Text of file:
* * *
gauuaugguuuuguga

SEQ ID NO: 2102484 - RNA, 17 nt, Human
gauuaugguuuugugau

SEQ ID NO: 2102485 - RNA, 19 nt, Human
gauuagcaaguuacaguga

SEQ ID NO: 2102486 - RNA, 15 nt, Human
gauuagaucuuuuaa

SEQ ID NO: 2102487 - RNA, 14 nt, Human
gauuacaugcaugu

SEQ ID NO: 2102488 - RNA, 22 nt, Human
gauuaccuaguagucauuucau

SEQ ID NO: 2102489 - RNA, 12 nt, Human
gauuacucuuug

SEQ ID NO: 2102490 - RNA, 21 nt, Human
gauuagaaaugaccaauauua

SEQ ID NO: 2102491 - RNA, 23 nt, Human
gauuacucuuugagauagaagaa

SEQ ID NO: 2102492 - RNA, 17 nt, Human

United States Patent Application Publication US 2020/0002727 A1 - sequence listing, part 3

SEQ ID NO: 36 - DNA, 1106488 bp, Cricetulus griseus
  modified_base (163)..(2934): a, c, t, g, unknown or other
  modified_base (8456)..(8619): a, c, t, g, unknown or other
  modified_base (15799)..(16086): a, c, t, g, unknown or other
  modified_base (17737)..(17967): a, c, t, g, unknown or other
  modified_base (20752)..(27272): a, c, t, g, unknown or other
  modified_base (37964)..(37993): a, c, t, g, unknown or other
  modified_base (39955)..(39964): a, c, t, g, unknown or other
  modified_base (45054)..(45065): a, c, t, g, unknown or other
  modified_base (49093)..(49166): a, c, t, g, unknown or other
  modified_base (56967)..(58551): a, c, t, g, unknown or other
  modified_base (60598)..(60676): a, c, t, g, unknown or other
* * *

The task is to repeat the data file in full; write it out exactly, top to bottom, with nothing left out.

gauuaugguuuuguga

SEQ ID NO: 2102484 - RNA, 17 nt, Human
gauuaugguuuugugau

SEQ ID NO: 2102485 - RNA, 19 nt, Human
gauuagcaaguuacaguga

SEQ ID NO: 2102486 - RNA, 15 nt, Human
gauuagaucuuuuaa

SEQ ID NO: 2102487 - RNA, 14 nt, Human
gauuacaugcaugu

SEQ ID NO: 2102488 - RNA, 22 nt, Human
gauuaccuaguagucauuucau

SEQ ID NO: 2102489 - RNA, 12 nt, Human
gauuacucuuug

SEQ ID NO: 2102490 - RNA, 21 nt, Human
gauuagaaaugaccaauauua

SEQ ID NO: 2102491 - RNA, 23 nt, Human
gauuacucuuugagauagaagaa

SEQ ID NO: 2102492 - RNA, 17 nt, Human

United States Patent Application Publication US 2020/0002727 A1 - sequence listing, part 3

SEQ ID NO: 36 - DNA, 1106488 bp, Cricetulus griseus
  modified_base (163)..(2934): a, c, t, g, unknown or other
  modified_base (8456)..(8619): a, c, t, g, unknown or other
  modified_base (15799)..(16086): a, c, t, g, unknown or other
  modified_base (17737)..(17967): a, c, t, g, unknown or other
  modified_base (20752)..(27272): a, c, t, g, unknown or other
  modified_base (37964)..(37993): a, c, t, g, unknown or other
  modified_base (39955)..(39964): a, c, t, g, unknown or other
  modified_base (45054)..(45065): a, c, t, g, unknown or other
  modified_base (49093)..(49166): a, c, t, g, unknown or other
  modified_base (56967)..(58551): a, c, t, g, unknown or other
  modified_base (60598)..(60676): a, c, t, g, unknown or other